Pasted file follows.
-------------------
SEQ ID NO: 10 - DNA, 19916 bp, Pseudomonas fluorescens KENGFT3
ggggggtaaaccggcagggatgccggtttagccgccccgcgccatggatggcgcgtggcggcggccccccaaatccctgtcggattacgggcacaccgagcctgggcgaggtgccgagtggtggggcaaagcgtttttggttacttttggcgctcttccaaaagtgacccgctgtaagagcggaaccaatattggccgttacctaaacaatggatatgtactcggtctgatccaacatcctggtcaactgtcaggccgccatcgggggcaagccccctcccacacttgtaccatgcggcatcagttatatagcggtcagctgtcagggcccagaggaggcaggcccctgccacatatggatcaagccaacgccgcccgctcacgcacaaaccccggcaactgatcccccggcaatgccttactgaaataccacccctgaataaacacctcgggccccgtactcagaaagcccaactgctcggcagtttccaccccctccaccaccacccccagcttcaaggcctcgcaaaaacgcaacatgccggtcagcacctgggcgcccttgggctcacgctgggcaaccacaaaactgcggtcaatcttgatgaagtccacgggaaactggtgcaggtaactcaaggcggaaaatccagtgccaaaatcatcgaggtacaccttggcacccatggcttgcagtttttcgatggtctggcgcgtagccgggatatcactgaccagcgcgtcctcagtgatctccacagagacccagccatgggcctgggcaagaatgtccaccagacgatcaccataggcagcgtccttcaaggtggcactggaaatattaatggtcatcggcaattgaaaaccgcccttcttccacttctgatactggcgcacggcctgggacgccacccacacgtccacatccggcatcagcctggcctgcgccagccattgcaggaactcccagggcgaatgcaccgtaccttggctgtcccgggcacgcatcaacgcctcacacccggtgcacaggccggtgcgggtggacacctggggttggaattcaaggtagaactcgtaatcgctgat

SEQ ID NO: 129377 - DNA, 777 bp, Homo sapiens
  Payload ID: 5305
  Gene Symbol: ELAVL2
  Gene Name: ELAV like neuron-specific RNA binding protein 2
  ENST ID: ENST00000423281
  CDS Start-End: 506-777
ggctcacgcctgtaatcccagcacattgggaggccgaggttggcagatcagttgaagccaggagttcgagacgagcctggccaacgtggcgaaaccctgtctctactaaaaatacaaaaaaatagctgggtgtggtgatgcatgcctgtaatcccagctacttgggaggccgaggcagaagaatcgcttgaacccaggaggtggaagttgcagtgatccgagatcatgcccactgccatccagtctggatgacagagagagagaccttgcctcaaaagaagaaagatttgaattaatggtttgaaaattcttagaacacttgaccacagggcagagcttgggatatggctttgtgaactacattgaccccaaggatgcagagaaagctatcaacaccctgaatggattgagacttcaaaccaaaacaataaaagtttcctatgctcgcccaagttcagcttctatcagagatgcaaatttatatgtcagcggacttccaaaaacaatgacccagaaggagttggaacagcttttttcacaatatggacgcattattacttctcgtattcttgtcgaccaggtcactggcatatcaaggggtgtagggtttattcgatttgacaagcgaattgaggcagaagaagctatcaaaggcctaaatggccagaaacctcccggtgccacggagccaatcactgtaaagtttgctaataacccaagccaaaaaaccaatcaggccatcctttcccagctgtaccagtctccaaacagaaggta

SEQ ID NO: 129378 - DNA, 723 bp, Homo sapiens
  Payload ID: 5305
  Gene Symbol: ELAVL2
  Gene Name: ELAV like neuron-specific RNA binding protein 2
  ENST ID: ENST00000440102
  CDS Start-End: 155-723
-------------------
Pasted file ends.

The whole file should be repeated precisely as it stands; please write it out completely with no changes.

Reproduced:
SEQ ID NO: 10 - DNA, 19916 bp, Pseudomonas fluorescens KENGFT3
ggggggtaaaccggcagggatgccggtttagccgccccgcgccatggatggcgcgtggcggcggccccccaaatccctgtcggattacgggcacaccgagcctgggcgaggtgccgagtggtggggcaaagcgtttttggttacttttggcgctcttccaaaagtgacccgctgtaagagcggaaccaatattggccgttacctaaacaatggatatgtactcggtctgatccaacatcctggtcaactgtcaggccgccatcgggggcaagccccctcccacacttgtaccatgcggcatcagttatatagcggtcagctgtcagggcccagaggaggcaggcccctgccacatatggatcaagccaacgccgcccgctcacgcacaaaccccggcaactgatcccccggcaatgccttactgaaataccacccctgaataaacacctcgggccccgtactcagaaagcccaactgctcggcagtttccaccccctccaccaccacccccagcttcaaggcctcgcaaaaacgcaacatgccggtcagcacctgggcgcccttgggctcacgctgggcaaccacaaaactgcggtcaatcttgatgaagtccacgggaaactggtgcaggtaactcaaggcggaaaatccagtgccaaaatcatcgaggtacaccttggcacccatggcttgcagtttttcgatggtctggcgcgtagccgggatatcactgaccagcgcgtcctcagtgatctccacagagacccagccatgggcctgggcaagaatgtccaccagacgatcaccataggcagcgtccttcaaggtggcactggaaatattaatggtcatcggcaattgaaaaccgcccttcttccacttctgatactggcgcacggcctgggacgccacccacacgtccacatccggcatcagcctggcctgcgccagccattgcaggaactcccagggcgaatgcaccgtaccttggctgtcccgggcacgcatcaacgcctcacacccggtgcacaggccggtgcgggtggacacctggggttggaattcaaggtagaactcgtaatcgctgat

SEQ ID NO: 129377 - DNA, 777 bp, Homo sapiens
  Payload ID: 5305
  Gene Symbol: ELAVL2
  Gene Name: ELAV like neuron-specific RNA binding protein 2
  ENST ID: ENST00000423281
  CDS Start-End: 506-777
ggctcacgcctgtaatcccagcacattgggaggccgaggttggcagatcagttgaagccaggagttcgagacgagcctggccaacgtggcgaaaccctgtctctactaaaaatacaaaaaaatagctgggtgtggtgatgcatgcctgtaatcccagctacttgggaggccgaggcagaagaatcgcttgaacccaggaggtggaagttgcagtgatccgagatcatgcccactgccatccagtctggatgacagagagagagaccttgcctcaaaagaagaaagatttgaattaatggtttgaaaattcttagaacacttgaccacagggcagagcttgggatatggctttgtgaactacattgaccccaaggatgcagagaaagctatcaacaccctgaatggattgagacttcaaaccaaaacaataaaagtttcctatgctcgcccaagttcagcttctatcagagatgcaaatttatatgtcagcggacttccaaaaacaatgacccagaaggagttggaacagcttttttcacaatatggacgcattattacttctcgtattcttgtcgaccaggtcactggcatatcaaggggtgtagggtttattcgatttgacaagcgaattgaggcagaagaagctatcaaaggcctaaatggccagaaacctcccggtgccacggagccaatcactgtaaagtttgctaataacccaagccaaaaaaccaatcaggccatcctttcccagctgtaccagtctccaaacagaaggta

SEQ ID NO: 129378 - DNA, 723 bp, Homo sapiens
  Payload ID: 5305
  Gene Symbol: ELAVL2
  Gene Name: ELAV like neuron-specific RNA binding protein 2
  ENST ID: ENST00000440102
  CDS Start-End: 155-723